Loading the player...

What is a 'Bond'

A bond is a fixed income investment in which an investor loans money to an entity (typically corporate or governmental) which borrows the funds for a defined period of time at a variable or fixed interest rate. Bonds are used by companies, municipalities, states and sovereign governments to raise money and finance a variety of projects and activities. Owners of bonds are debtholders, or creditors, of the issuer.

BREAKING DOWN 'Bond'

Bonds are commonly referred to as fixed-income securities and are one of the three main generic asset classes, along with stocks (equities) and cash equivalents. Many corporate and government bonds are publicly traded on exchanges, while others are traded only over-the-counter (OTC).

How Bonds Work

When companies or other entities need to raise money to finance new projects, maintain ongoing operations, or refinance existing debts, they may issue bonds directly to investors instead of obtaining loans from a bank. The indebted entity (issuer) issues a bond that contractually states the interest rate that will be paid and the time at which the loaned funds (bond principal) must be returned (maturity date). The interest rate, called the coupon rate or payment, is the return that bondholders earn for loaning their funds to the issuer.

The issuance price of a bond is typically set at par, usually $100 or $1,000 face value per individual bond. The actual market price of a bond depends on a number of factors including the credit quality of the issuer, the length of time until expiration, and the coupon rate compared to the general interest rate environment at the time.

Are you ready to invest in bonds? Pick the right broker by reading Investopedia's broker reviews.

Example

Because fixed-rate coupon bonds will pay the same percentage of its face value over time, the market price of the bond will fluctuate as that coupon becomes desirable or undesirable given prevailing interest rates at a given moment in time. For example if a bond is issued when prevailing interest rates are 5% at $1,000 par value with a 5% annual coupon, the bondholder will be credited $50 in interest income annually. The bondholder would be indifferent to purchasing the bond or saving the same money at the prevailing interest rate.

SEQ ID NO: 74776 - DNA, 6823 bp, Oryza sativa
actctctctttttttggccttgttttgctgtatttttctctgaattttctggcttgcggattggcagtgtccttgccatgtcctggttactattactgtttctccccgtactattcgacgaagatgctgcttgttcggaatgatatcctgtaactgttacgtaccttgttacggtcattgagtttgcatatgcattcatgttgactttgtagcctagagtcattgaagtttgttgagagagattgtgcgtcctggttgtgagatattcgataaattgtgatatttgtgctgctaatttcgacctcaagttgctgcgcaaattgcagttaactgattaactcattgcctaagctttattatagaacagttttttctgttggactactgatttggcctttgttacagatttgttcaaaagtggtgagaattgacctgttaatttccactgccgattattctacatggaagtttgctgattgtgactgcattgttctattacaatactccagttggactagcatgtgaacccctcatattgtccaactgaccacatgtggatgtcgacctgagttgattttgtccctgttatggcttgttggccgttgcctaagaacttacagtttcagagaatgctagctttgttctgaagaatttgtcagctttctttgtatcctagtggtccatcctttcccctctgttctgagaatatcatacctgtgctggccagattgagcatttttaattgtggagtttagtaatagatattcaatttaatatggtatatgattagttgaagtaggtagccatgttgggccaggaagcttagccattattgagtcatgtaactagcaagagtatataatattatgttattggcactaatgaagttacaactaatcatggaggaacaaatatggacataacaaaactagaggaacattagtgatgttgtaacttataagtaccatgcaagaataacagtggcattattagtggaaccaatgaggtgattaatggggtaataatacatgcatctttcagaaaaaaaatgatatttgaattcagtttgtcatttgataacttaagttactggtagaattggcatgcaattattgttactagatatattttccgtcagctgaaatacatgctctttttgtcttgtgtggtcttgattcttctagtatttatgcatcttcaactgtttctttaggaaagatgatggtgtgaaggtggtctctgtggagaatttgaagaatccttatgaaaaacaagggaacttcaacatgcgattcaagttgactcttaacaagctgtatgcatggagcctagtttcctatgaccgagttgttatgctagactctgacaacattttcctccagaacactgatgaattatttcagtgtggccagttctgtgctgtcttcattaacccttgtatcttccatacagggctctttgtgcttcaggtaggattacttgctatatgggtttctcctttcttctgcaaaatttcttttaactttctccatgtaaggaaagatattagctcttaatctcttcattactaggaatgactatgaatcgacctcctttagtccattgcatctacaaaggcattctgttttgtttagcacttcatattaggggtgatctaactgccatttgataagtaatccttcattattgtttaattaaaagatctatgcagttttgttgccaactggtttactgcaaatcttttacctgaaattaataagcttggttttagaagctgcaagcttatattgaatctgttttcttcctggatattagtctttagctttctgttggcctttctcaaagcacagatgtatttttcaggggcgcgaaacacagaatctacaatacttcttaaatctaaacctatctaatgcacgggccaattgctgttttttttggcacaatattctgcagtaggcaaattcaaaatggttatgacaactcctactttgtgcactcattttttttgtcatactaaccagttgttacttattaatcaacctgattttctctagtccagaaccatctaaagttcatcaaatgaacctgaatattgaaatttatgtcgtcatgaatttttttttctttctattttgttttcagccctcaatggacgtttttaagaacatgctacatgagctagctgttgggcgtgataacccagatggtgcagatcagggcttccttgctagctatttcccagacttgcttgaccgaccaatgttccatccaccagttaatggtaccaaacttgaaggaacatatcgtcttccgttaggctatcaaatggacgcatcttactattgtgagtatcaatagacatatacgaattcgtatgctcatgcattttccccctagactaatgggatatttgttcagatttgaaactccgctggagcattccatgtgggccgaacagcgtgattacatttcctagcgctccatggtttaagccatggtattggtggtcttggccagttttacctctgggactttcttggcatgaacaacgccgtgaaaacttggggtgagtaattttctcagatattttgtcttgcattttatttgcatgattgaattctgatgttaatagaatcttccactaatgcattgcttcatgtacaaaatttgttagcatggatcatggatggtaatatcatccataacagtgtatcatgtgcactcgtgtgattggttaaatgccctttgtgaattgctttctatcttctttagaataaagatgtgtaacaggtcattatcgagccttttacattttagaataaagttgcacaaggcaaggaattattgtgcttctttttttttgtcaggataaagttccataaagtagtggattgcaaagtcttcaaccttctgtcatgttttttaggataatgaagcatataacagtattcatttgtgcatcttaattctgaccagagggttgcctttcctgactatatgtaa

However, if interest rates in the economy drop to 4%, the bond will continue paying 5% coupon rates, making it a more attractive option. Investors will purchase these bonds, bidding the price up to a premium until the effective rate of the bond equals 4%. On the other hand, if interest rates rise to 6%, the 5% coupon is no longer attractive and the bond price will decrease, selling at a discount until it's effective rate is 6%.

Because of this mechanism, bond prices move inversely with interest rates.

Characteristics of Bonds

Most bonds share some common basic characteristics including:

  • Face value is the money amount the bond will be worth at its maturity, and is also the reference amount the bond issuer uses when calculating interest payments. For example, say an investor purchases a bond at a premium $1,090 and another purchases the same bond at a discount $980. When the bond matures, both investors will receive the $1,000 face value of the bond.
  • Coupon rate is the rate of interest the bond issuer will pay on the face value of the bond, expressed as a percentage. For example, a 5% coupon rate means that bondholders will receive 5% x $1000 face value = $50 every year.
  • Coupon dates are the dates on which the bond issuer will make interest payments. Typical intervals are annual or semi-annual coupon payments.
  • Maturity date is the date on which the bond will mature and the bond issuer will pay the bond holder the face value of the bond.
  • Issue price is the price at which the bond issuer originally sells the bonds.

Two features of a bond – credit quality and duration – are the principal determinants of a bond's interest rate. If the issuer has a poor credit rating, the risk of default is greater and these bonds will tend to trade a discount. In addition, bonds with a high default risk, such as junk bonds, have higher interest rates than stable bonds, such as government bonds.

Credit ratings are calculated and issued by credit rating agencies. Bond maturities can range from a day or less to more than 30 years. The longer the bond maturity, or duration, the greater the chances of adverse effects. Longer-dated bonds also tend to have lower liquidity. Because of these attributes, bonds with a longer time to maturity typically command a higher interest rate.